When dealing with a property sale or lease the Owner or Landlord will be asked to complete replies to commercial property standard enquiries.
Adam Davies, a Commercial Property specialist here at FBC Manby Bowdler, explains that these are lengthy and detailed questions about the property but they also deal with issues such as tax, insurance, planning and environmental matters. Whilst replying to them, great care needs to be taken, as emphasised by recent cases before the High Court.
Francis v Knapper (2016)
In 2008, Mr & Mrs Francis bought a holiday park in Padstow for £1.35 million. The Buyer’s solicitors raised the usual Commercial Property Standard Enquiries which were completed by the managing director of the Seller. One enquiry asked was ‘Were there were any defective conduits or fixtures or items requiring significant expenditure over the next three years?’ to which the answer came ‘No’. In fact there were significant issues of flooding, rotting of a roof, and a sewerage system badly in need of an upgrade.
Mr & Mrs Francis brought a claim for misrepresentation against the managing director personally, as a result of the replies given by that director, the Seller company having gone insolvent by this point.
The Judge agreed with Mr & Mrs Francis that the reply given was incorrect, and was therefore on the face of it, a misrepresentation. In this case however, the defendants were saved by the unusual fact that there was evidence to prove that Mr & Mrs Francis had not actually read the replies to the enquiries, and therefore clearly could not argue reliance on those replies. The Judge emphasised however, that had Mr & Mrs Francis read those replies, they would have been successful in claiming misrepresentation against the director.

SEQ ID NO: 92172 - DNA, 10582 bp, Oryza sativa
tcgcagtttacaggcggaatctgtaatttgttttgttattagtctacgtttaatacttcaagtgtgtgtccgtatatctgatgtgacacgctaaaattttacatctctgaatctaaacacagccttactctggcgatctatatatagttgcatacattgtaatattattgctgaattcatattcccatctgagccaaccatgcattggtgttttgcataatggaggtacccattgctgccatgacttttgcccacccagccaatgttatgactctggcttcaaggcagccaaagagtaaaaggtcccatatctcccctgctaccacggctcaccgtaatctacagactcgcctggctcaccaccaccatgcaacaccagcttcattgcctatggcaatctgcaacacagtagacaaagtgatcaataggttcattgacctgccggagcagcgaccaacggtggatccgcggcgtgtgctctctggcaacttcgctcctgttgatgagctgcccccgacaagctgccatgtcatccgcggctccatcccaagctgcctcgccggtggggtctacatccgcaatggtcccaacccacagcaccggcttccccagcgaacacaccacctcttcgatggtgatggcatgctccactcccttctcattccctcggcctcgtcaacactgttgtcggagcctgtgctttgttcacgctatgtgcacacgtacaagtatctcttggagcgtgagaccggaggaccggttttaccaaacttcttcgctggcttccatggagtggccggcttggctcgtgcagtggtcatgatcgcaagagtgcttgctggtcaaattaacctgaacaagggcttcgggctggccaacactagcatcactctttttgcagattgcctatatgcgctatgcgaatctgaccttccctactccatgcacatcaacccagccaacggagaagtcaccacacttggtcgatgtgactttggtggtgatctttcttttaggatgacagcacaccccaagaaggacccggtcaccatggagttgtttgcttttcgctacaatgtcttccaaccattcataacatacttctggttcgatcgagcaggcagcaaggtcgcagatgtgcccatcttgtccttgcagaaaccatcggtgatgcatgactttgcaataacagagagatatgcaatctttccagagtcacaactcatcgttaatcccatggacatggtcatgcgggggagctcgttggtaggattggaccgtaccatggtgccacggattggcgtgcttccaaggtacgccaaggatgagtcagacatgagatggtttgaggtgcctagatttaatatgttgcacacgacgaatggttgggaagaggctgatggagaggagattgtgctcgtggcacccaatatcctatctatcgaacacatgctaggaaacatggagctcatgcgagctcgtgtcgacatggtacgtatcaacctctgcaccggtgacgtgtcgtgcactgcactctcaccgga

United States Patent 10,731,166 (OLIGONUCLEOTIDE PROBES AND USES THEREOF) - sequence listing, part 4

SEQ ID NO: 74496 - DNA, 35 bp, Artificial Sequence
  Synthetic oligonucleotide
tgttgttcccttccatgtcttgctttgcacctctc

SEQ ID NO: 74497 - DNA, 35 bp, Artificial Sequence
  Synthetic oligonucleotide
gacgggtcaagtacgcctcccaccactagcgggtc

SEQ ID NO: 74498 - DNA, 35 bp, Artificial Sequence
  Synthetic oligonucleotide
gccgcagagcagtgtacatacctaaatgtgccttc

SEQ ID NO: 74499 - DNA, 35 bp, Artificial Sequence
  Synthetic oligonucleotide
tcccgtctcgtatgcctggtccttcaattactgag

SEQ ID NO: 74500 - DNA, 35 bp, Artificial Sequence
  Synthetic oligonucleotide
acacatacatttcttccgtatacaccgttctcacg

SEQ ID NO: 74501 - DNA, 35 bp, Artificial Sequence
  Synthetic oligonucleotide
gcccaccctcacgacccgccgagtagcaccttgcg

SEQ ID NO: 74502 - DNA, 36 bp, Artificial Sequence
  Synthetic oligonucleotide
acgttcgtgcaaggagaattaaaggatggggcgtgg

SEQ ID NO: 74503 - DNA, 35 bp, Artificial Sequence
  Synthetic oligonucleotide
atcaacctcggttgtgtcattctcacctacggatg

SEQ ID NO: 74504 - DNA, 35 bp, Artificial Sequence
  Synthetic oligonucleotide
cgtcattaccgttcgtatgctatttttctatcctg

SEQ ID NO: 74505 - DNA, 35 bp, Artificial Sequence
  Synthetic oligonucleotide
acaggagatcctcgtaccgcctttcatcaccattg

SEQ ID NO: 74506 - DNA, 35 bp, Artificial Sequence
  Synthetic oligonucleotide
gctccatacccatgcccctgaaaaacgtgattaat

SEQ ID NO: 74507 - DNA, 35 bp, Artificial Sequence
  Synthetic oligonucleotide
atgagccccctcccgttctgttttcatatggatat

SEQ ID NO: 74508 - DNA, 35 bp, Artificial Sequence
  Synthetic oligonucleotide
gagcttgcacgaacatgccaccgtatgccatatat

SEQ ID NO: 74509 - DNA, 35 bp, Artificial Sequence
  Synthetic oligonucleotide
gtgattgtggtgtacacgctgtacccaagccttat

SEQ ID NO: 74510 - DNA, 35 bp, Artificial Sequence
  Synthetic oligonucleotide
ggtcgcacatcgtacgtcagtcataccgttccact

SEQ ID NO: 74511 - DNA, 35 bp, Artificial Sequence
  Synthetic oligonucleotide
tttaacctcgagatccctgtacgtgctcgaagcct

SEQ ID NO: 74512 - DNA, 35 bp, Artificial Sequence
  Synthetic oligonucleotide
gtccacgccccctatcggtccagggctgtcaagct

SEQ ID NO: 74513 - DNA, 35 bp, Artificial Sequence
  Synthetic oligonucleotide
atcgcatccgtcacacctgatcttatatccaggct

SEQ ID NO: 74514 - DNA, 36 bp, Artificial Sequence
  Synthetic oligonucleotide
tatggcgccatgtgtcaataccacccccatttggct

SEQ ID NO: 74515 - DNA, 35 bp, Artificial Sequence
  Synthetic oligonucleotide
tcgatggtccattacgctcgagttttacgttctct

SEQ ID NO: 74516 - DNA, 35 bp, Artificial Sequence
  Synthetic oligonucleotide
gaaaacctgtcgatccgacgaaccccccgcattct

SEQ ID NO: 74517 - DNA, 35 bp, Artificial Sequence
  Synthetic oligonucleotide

First Tower Trustees Ltd v CDS (Superstores International) Ltd (2017)
In 2015, First Tower (the Landlord) and CDS (the Tenant) were negotiating a lease of some units. In reply to an enquiry raised by CDS’s solicitors, First Tower had indicated that it had not received any notices relating to environmental problems. This was indeed true. So far so good. Three months later, while the lease was still being negotiated, First Tower were made aware that there was a presence of asbestos in the units. It did not update CDS or its solicitors, and the lease was subsequently entered in to.
CDS brought a claim for misrepresentation for the cost of the remedial works to remove the asbestos and the cost of the alternative accommodation, while those works were carried out. First Tower tried to rely on a clause in the lease which stated that the lease had ‘not been entered into in reliance wholly or partly on any statement or representation made by or on behalf of the Landlord’. The Judge agreed with CDS that 1. there was a misrepresentation, owing to the fact that First Tower failed to update its replies to enquiries accordingly, and 2. First Tower could not rely on a sweeping clause trying to exclude its liability. Section 3 of the Misrepresentation Act 1967 states that excluding liability for misrepresentation is only valid if the exclusion clause is itself reasonable. The Judge decided that it was not.
Errors or omissions, even those given innocently or by a company representative or agent, can result in expensive claims for misrepresentation. These High Court cases are a stark reminder of the importance of giving full and accurate replies to any enquiries raised, and also the need to ensure that those replies are updated.